For those of us who love to garden and love to travel, a garden tour can satisfy both passions and provide inspiration and a welcome relief from the hard work of actual gardening.

View at Powis Castle

View from Powis Castle

In 2017, a friend and travel expert, Lorraine Whittemore, and I sat down to discuss plans for a dedicated garden trip to the UK. I had been on several trips with a local garden center owner who had decided against future trips. There was a gap to be filled and Lorraine and I decided we could be a good team. She was the travel expert, I was the garden expert.

Planning a garden trip to the UK starts a year ahead of any trip. The decision must be made on which region of the UK we will visit. There are over 140 counties in the UK which comprises 4 countries, England, Northern Ireland, Scotland and Wales. In 2018 we decided on Yorkshire. In 2019 we took a group to visit Essex. In 2020 we scheduled Wales…put on the brakes. We all know what happened to travel in 2020 and 2021 and by the time 2022 rolled around the hotel which we had booked in Wales was obligated to past commitments so we went to the Cotswolds. We waited 3 years to actually get to Wales and Wales did not disappoint.

Why Wales?

Wales sounds a bit wilder to me than England. Just look at the Welsh language. The Welsh name is Cymru, prounounced, I believe, ‘Cam ree’. Really, it is. Our group stayed in a town named Llandrindod Wells which is somehow pronounced C’landrindod Wells but it rolls off the Welsh tongue fast and furious with always a glint of mischief in the eye of the Welshman. A week was not enough time to master the pronunciation.

Wales had appeal to both Lorraine and I, and planning began but Wales is bigger than one might expect especially when mapping a bus route. We found Wales to be a country of exquisite beauty with textbook rolling hills, farmland, sheep, incredible gardens and sweeping views. We visited popular gardens such as Powis Castle, The National Botanic Garden of Wales and Aberglasney Gardens but we also visited many smaller private gardens found through research. We didn’t see all of Wales. It is always good to leave a place wanting more.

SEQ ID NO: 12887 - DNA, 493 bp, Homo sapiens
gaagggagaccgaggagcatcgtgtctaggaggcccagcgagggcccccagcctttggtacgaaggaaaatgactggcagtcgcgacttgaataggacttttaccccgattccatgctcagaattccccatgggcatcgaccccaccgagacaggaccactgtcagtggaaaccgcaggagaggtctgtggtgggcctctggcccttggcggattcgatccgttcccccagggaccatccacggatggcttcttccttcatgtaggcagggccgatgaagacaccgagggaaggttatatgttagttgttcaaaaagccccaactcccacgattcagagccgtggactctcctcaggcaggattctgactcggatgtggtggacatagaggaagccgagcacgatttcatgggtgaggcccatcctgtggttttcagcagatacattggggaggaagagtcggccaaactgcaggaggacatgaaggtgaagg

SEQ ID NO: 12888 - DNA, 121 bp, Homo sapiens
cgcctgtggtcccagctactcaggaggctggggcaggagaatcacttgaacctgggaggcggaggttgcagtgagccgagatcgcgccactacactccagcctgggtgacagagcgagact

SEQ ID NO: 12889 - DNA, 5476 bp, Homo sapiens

Our group at Willowbrook in Presteigne

Our tours are small.

We find that up to 25 individuals is best and we choose one hotel location to make it easier for our travel clients. Moving is no fun for anyone and less so for those who may be a bit older, retired and have the time for more travel. Not all of our group for sure, but many. We picked Llandrindod Wells Metropole Hotel for our group stay in Wales.

It is in the country of Powys and just a bit south central of the visual center of Wales. Our goal in picking a hotel is to find one which is within walking distance of shops and pubs but often the overriding factor is a hotel which can accommodate 25, many of whom are single travelers and prefer a single room. Not all of our clients are gardeners but all love travel and all love gardens. The variety of our clients interests makes our discussions much more lively.

Sculpture at Pentrasite in Carmarthen

Choosing gardens to see for each day of our trip requires a bit of finesse.